At the collegiate level, first team All-Conference is a prestigious title for a golfer, one which Abigail Rigsby, a fifth-year senior playing for Oklahoma Christian University, received this year.
“That and making it to Nationals as an individual my freshman year are probably my two biggest achievements since I’ve been here,” Rigsby said. “It’s a pretty big deal to make first team All-Conference.”
The road to such a level of achievement is rarely without obstacles.
“I got sick at regionals my freshman year. I broke my foot sophomore year. … I hurt my back and I had to take my senior year off,” Rigsby said. “I’ve only finished one full season of golf; knock on wood, this will be my second.”
As much as they have impeded her in recent years, Rigsby may partly have her history of injuries to thank for starting golf at all.
“I had a lot of concussions at a young age so I couldn’t play contact sports anymore and my sister played golf,” Rigsby said. “So, I just kind of took it up since she was playing and really enjoyed it.”
Rigsby began practicing for and participating in tournament golf when she was 12 years old. Today, she continues her dedication to the sport.
“I treat it like a full-time job,” Rigsby said. “Unless we’re indoors I try to be on a course anywhere between four and eight hours a day.”
Rigsby aspires to make it an actual full-time job and play professionally.
“The goal when I came to college was to go to a school that was going to get me to the level that I needed to be at to turn pro and be around the right people,” Rigsby said. “As soon as I got here, I bonded really well with Greg (Lynn, head coach,) and the team and it was just the right fit.”
Anyone with similar ambitions has more than a few decisions to make, the first of which may be the most significant.
“Just go for it,” Rigsby said. “If you have a goal or a dream, even if you think it’s something far-fetched or unattainable, at least give it a shot. … It could happen, you just have to give it a go and see what you can do with it.”
Of course, support is important too. Rigsby says her main supporters have been Lynn and her family.
“They’ve invested a lot of time and money and support into my career, and I couldn’t have done it without them,” Rigsby said. “Greg and his son David, they’ve been like a second family to me since I’ve been here.”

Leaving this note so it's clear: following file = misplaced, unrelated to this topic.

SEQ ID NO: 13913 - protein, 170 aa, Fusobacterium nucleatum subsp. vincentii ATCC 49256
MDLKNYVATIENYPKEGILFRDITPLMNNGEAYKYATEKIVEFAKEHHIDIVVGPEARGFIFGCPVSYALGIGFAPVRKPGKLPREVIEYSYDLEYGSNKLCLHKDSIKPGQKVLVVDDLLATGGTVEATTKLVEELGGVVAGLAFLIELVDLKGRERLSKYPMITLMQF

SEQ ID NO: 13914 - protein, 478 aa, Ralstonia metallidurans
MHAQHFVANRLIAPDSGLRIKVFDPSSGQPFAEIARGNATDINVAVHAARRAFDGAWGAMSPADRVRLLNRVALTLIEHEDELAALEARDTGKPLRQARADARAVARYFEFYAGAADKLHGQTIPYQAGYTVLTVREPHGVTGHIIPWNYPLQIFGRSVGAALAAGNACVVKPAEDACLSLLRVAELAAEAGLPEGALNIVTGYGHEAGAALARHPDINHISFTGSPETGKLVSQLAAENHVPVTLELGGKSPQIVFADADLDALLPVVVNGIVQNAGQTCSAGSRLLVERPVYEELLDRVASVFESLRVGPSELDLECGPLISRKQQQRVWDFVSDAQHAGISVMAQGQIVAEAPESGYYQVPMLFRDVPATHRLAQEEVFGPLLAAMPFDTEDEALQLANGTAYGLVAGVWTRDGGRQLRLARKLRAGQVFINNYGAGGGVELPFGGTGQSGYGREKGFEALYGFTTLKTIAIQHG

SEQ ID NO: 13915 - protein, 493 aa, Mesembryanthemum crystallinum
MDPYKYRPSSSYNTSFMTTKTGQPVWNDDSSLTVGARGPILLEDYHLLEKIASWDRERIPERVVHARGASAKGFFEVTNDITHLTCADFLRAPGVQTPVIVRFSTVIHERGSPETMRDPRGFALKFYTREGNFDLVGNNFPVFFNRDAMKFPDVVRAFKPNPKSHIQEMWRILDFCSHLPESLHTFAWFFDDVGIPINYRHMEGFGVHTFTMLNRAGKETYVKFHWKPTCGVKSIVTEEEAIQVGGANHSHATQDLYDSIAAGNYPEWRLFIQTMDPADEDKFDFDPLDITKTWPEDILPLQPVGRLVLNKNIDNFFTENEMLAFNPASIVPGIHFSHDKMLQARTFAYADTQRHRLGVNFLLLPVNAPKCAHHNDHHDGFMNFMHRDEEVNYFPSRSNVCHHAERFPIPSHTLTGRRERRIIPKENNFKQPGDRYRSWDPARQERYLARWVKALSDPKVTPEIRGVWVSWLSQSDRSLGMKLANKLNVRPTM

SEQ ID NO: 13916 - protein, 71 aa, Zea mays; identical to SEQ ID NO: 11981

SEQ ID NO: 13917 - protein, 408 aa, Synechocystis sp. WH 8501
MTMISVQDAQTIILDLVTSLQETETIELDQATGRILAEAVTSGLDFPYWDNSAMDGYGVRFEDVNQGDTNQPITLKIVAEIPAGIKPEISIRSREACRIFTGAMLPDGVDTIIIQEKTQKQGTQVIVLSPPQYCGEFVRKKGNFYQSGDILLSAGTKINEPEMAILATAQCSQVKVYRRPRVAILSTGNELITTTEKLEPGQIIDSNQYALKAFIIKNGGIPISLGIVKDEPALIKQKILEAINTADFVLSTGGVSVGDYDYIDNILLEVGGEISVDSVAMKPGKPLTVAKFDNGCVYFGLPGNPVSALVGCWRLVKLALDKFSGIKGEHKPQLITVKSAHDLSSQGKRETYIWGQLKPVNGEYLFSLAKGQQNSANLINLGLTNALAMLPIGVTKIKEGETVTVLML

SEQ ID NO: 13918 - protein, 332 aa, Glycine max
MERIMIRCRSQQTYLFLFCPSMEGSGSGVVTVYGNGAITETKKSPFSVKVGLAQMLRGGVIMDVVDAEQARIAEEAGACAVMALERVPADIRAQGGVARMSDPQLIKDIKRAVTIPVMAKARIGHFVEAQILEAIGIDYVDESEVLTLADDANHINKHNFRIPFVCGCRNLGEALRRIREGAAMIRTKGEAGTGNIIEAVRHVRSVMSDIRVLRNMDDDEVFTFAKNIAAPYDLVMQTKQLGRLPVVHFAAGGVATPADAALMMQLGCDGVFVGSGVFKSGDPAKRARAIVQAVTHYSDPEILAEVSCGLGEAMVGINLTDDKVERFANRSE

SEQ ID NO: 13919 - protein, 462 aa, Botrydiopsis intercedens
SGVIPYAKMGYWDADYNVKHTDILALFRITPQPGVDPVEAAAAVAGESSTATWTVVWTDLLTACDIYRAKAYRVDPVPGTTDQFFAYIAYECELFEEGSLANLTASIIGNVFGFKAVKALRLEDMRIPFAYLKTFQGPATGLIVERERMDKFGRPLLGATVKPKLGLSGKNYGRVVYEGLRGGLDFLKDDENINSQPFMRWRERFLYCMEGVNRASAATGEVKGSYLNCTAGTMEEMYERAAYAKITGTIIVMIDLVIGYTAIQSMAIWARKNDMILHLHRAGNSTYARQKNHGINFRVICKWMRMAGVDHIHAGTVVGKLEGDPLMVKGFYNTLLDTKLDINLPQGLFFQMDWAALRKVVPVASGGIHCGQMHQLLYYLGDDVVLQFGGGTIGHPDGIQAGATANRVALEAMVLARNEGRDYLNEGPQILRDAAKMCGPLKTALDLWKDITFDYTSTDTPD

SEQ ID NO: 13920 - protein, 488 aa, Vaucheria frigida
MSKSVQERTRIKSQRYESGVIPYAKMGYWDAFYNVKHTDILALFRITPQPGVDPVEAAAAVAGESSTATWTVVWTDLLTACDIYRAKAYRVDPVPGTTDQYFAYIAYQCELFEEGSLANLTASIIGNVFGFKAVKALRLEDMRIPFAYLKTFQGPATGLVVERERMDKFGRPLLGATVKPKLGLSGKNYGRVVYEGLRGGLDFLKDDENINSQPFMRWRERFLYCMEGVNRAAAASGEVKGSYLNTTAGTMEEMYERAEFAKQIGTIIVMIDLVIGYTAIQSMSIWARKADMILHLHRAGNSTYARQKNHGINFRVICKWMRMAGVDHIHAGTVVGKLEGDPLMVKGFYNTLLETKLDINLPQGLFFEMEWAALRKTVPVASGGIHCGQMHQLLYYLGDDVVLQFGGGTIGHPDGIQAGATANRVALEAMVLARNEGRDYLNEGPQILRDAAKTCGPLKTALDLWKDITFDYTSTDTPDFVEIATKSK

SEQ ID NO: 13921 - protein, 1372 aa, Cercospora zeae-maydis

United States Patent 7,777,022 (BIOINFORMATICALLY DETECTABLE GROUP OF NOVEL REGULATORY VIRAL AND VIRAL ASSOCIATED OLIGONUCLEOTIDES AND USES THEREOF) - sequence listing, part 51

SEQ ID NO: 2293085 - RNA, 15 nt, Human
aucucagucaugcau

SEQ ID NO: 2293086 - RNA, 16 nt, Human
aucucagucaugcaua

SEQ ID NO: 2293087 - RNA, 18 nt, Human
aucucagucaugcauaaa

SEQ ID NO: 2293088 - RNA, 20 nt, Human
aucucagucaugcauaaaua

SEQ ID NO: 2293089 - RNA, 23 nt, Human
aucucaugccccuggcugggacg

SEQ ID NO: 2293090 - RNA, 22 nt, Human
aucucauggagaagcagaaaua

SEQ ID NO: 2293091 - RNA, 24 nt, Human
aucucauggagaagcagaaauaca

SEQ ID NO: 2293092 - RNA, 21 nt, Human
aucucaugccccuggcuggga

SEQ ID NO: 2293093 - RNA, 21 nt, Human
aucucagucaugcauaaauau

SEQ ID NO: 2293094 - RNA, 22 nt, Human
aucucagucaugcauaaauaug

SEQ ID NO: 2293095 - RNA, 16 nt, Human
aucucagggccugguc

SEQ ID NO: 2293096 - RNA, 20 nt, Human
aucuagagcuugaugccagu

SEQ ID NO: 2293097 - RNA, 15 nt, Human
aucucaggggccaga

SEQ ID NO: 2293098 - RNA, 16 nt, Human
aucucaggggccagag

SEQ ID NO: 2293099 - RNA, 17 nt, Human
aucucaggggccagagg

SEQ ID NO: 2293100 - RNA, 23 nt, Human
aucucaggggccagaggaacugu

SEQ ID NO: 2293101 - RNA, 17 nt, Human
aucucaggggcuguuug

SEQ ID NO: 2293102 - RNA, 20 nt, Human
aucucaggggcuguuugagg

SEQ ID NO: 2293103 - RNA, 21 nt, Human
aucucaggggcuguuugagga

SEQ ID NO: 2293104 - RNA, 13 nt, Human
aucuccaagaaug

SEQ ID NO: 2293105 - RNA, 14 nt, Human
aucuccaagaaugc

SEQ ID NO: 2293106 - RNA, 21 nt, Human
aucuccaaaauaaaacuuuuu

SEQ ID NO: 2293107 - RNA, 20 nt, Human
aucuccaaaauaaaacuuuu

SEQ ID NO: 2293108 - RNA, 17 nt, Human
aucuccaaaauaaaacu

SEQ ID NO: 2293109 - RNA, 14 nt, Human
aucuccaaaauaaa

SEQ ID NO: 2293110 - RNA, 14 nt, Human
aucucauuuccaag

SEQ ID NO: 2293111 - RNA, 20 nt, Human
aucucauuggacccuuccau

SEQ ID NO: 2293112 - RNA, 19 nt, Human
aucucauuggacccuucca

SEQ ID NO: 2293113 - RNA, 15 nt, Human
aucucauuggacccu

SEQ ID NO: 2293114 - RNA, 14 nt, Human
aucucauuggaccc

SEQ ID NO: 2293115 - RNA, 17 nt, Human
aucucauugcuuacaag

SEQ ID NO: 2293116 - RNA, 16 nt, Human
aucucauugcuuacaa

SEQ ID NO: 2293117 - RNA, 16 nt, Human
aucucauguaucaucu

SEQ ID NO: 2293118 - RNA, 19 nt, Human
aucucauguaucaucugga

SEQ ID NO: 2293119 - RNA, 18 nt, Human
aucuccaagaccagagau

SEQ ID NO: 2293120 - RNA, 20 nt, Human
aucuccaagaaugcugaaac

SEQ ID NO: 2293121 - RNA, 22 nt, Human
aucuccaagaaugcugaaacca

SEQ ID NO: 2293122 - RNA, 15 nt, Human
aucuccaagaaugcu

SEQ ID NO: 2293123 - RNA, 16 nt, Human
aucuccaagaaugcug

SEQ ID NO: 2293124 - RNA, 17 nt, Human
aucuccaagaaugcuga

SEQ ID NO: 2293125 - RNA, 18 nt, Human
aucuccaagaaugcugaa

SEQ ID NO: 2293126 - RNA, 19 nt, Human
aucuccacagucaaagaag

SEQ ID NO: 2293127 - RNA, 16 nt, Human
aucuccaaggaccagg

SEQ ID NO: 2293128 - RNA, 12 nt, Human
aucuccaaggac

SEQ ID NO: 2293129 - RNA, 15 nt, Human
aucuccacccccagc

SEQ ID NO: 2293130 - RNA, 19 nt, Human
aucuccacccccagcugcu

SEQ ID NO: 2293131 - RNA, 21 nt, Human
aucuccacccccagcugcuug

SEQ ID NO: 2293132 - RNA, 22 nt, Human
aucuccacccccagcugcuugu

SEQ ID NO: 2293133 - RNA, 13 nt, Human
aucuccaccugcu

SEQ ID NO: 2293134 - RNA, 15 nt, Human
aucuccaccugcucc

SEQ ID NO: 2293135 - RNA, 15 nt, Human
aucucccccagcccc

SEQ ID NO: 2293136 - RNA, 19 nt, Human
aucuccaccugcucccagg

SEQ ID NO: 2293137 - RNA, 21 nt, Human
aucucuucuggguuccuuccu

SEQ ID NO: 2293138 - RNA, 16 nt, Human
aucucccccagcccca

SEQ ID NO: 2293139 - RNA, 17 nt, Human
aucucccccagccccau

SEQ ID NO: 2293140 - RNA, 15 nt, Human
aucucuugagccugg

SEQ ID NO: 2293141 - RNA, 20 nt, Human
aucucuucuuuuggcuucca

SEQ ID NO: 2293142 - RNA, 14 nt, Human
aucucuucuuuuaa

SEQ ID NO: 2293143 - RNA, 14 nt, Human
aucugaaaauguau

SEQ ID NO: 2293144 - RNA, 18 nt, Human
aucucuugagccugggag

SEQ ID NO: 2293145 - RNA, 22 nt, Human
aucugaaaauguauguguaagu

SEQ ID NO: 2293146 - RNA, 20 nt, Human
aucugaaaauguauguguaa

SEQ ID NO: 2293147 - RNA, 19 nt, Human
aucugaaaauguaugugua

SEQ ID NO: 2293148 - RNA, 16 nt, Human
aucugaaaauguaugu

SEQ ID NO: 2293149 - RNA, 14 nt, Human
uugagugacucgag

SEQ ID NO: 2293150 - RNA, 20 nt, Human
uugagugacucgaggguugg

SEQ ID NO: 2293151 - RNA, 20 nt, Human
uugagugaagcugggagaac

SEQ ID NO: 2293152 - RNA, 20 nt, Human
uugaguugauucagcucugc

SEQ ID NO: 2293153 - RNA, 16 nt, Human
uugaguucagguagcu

Most people would be grateful for such hospitality. It may, however, mean a little more to an international student over 2000 miles from her home in British Columbia.
“I moved away from home at 17 so I had to grow up quicker than I feel most people do when they go to a college in the next state or just down the road from the family,” Rigsby said. “Mostly because my family was in a different country and now with COVID-19 I don’t really get to see them anymore. So, I had to learn how to tough it out when things are going well.”
Tough times continued as Rigsby became sick the day of regionals her freshman year, but she continued to play through the entire round.
“I just kept powering through. I didn’t stop and then a couple of days later, Greg had to take me to the hospital which is why I didn’t get to go to Nationals,” Rigsby said. “I would say that probably best encapsulates my whole demeanor that I’ll just tough it out through anything.”
It just so happened that the picture used for Oklahoma Christian’s recap article was of Rigsby shortly after she had gotten sick.
“It’s funny because it was the only picture that I think was taken that day. And it’s Greg and I, and I look terrible,” Rigsby said.
The same photo wound up being used for another article the following year.
“I was like ‘it’ll chase me forever!’ We joke about that round even still five years later,” Rigsby said.
Hopefully in the future we too can smile with friends back on the tough times of today and tomorrow and also be glad that we did not let our knowledge that those days would come deter us from pursuing our dreams.
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